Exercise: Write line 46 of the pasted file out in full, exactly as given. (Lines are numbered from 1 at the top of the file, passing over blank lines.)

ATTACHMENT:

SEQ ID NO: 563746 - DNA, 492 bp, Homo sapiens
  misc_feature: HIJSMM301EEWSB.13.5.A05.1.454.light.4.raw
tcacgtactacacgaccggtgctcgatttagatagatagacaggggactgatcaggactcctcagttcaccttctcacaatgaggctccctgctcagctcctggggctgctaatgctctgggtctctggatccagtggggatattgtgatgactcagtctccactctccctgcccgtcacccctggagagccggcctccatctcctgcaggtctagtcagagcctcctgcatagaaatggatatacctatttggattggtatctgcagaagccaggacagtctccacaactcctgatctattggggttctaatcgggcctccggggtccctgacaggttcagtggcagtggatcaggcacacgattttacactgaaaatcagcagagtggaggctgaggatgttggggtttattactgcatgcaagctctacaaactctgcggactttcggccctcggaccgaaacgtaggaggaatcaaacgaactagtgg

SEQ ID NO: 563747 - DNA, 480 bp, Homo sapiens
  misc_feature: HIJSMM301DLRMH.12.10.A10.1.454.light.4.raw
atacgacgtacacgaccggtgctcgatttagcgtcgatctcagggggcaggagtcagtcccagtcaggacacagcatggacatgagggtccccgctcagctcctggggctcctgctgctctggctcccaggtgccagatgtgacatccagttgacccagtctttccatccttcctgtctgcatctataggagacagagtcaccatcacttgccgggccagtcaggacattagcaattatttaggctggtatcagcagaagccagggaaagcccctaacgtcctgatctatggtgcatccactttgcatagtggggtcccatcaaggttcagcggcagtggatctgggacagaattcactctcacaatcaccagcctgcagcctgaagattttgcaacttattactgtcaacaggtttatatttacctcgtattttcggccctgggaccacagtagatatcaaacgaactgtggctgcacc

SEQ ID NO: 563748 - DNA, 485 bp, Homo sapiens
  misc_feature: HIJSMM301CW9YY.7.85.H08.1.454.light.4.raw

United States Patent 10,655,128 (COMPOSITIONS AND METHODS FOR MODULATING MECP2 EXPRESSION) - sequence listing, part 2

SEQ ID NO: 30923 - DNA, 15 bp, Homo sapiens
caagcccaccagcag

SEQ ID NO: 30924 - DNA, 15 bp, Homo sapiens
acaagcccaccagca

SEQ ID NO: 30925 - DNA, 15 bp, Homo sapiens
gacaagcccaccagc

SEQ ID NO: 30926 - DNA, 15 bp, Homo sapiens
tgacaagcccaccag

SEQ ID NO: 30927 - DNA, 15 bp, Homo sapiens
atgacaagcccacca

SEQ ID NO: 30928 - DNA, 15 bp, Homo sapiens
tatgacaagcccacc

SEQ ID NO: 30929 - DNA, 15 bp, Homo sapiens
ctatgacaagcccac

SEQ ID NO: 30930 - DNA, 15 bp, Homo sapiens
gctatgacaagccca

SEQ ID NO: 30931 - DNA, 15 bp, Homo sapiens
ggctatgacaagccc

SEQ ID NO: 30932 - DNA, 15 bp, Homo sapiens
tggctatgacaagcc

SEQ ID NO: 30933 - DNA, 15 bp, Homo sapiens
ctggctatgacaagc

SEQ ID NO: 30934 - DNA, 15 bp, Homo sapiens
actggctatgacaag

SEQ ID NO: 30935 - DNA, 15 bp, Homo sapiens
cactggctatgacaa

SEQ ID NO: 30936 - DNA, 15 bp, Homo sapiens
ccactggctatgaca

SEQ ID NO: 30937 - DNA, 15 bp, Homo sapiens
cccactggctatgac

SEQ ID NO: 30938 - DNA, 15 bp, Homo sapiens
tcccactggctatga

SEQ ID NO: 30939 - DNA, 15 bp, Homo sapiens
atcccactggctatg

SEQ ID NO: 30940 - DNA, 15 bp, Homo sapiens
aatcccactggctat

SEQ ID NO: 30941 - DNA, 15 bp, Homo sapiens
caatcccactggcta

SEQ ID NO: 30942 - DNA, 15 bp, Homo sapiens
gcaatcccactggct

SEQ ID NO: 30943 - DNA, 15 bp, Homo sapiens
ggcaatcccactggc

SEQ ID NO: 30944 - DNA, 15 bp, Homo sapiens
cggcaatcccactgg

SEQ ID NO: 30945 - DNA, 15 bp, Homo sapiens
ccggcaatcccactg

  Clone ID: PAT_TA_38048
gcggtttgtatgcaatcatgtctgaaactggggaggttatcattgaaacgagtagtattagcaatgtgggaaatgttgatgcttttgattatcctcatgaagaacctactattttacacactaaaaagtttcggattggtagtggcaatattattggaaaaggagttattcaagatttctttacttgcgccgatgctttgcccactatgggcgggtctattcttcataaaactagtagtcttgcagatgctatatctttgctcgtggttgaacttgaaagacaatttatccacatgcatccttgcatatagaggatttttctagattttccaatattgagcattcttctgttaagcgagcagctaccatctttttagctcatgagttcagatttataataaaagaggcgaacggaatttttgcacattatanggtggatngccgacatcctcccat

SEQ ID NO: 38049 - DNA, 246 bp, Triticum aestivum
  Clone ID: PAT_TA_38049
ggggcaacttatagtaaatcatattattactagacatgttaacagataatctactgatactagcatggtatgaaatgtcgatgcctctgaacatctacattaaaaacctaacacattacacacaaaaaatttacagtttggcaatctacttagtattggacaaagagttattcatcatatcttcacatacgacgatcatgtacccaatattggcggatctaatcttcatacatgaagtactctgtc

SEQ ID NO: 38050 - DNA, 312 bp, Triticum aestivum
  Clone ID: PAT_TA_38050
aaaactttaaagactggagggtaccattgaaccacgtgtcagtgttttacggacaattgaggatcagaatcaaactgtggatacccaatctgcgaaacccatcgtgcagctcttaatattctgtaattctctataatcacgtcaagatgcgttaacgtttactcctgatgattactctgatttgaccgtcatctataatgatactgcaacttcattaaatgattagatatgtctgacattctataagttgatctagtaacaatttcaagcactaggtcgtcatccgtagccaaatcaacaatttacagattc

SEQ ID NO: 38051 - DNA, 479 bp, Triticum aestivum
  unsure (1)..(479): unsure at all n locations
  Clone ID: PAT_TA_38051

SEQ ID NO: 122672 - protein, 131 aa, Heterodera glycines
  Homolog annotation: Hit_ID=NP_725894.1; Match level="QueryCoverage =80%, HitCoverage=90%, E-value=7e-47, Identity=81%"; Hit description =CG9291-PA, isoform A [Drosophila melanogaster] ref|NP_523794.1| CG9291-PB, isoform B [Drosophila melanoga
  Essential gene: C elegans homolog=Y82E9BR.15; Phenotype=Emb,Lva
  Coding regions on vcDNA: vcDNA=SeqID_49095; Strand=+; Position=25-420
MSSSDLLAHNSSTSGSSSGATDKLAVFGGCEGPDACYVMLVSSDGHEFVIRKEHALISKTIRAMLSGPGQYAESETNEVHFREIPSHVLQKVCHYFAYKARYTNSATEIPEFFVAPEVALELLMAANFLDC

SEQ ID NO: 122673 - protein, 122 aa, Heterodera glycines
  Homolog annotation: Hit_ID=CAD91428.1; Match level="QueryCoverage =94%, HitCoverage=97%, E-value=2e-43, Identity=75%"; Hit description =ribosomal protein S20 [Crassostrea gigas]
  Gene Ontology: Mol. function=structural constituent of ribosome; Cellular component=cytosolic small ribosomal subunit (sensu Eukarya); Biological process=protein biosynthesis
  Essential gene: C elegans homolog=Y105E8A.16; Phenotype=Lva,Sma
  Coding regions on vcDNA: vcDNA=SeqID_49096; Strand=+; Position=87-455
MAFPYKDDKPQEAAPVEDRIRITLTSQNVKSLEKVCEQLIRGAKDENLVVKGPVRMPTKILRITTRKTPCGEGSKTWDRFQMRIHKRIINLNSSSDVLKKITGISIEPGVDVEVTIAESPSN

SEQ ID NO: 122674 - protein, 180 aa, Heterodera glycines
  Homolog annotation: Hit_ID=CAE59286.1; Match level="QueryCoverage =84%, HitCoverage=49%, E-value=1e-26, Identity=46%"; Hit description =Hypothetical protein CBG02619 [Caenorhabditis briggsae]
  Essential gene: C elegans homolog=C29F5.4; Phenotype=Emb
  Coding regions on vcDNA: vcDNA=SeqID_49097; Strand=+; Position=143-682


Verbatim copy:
SEQ ID NO: 30941 - DNA, 15 bp, Homo sapiens